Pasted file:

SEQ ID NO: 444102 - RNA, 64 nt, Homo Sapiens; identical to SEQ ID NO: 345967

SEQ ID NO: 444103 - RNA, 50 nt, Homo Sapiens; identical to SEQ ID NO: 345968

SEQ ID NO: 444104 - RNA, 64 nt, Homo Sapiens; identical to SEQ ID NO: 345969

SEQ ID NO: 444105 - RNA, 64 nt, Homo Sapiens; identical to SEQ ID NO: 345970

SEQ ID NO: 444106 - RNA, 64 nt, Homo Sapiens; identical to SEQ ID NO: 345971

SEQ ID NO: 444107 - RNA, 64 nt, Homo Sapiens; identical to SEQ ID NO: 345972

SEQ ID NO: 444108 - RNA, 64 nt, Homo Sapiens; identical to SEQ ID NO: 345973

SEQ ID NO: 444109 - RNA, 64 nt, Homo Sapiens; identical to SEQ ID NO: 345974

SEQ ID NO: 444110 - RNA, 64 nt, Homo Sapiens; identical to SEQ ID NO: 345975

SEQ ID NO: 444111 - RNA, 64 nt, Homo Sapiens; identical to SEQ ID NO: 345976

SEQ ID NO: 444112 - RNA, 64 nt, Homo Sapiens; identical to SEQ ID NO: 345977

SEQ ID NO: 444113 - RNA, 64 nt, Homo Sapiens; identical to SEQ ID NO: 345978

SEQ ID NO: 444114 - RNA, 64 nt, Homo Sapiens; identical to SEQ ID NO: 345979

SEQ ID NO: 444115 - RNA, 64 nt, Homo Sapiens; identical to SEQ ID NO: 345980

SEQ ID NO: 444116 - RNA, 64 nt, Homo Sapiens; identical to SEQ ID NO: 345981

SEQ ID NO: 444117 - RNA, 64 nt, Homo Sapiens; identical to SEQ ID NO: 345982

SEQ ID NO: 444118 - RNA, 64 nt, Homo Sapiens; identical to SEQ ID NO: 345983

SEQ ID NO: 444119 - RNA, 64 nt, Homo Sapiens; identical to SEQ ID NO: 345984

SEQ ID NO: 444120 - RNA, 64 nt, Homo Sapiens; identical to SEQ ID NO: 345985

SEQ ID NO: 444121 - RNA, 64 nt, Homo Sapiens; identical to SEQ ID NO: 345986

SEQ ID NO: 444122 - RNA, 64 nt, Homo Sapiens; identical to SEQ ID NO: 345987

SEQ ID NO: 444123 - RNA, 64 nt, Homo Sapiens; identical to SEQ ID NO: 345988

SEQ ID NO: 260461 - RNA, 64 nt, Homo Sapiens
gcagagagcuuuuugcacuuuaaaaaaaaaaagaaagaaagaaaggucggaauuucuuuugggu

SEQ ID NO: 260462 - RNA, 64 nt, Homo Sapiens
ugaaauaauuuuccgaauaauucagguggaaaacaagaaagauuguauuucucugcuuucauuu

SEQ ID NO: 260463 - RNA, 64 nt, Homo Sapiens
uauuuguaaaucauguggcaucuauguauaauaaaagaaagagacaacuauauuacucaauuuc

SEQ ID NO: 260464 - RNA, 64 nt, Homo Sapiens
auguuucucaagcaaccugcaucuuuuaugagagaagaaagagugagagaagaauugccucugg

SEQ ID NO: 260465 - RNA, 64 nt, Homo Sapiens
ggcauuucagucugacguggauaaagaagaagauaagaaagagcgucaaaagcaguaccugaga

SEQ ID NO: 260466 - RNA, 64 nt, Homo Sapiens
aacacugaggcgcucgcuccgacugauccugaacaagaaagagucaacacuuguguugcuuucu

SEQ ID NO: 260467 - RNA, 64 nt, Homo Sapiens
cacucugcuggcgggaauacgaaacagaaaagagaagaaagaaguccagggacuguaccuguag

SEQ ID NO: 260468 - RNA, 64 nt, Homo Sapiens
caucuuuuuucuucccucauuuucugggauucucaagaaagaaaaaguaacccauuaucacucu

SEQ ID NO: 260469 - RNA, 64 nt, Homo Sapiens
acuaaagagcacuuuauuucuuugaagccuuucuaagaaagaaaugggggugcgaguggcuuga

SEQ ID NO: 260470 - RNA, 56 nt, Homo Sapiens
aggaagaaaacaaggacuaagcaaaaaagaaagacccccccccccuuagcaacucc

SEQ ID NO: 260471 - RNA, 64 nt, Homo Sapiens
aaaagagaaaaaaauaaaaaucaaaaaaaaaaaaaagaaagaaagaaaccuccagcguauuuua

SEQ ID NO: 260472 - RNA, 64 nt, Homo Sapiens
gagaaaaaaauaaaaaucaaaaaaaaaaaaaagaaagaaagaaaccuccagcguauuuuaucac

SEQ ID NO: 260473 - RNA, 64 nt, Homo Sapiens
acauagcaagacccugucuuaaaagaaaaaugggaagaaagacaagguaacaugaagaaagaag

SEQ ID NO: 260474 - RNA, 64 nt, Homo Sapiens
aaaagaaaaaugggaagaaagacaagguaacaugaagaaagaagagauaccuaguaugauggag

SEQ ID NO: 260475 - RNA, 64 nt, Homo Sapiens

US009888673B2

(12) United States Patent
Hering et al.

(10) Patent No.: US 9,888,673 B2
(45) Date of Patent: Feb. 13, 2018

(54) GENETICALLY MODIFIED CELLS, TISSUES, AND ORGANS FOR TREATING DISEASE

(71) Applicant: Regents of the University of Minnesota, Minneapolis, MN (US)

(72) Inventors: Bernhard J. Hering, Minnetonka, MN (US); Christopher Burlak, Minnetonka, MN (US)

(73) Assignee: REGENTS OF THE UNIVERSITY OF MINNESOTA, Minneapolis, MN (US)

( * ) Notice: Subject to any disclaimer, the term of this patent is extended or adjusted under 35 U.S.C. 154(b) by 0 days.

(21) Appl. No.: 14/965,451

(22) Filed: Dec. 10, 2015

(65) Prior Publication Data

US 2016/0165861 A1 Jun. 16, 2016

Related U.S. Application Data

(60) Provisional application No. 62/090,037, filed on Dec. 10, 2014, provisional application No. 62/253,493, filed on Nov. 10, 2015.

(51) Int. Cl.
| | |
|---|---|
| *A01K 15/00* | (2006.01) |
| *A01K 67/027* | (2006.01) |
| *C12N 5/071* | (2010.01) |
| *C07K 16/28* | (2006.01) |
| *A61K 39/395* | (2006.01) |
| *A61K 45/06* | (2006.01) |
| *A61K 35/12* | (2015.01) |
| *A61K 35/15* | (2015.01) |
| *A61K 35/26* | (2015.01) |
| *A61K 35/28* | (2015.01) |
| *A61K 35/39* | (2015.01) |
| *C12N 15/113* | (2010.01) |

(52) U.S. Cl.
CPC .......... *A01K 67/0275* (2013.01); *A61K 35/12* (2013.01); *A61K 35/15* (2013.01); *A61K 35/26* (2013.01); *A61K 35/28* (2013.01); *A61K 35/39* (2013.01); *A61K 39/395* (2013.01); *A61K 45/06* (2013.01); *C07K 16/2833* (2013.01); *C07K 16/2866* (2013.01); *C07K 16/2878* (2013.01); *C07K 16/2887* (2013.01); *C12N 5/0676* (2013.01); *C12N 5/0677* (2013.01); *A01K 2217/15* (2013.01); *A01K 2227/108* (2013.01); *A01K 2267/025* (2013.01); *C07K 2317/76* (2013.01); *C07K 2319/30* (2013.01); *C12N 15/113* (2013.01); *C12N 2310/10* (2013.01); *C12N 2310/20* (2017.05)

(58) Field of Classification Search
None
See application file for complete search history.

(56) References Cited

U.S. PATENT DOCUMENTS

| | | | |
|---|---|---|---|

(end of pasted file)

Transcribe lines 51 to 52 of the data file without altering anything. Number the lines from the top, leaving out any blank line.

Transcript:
SEQ ID NO: 260475 - RNA, 64 nt, Homo Sapiens

US009888673B2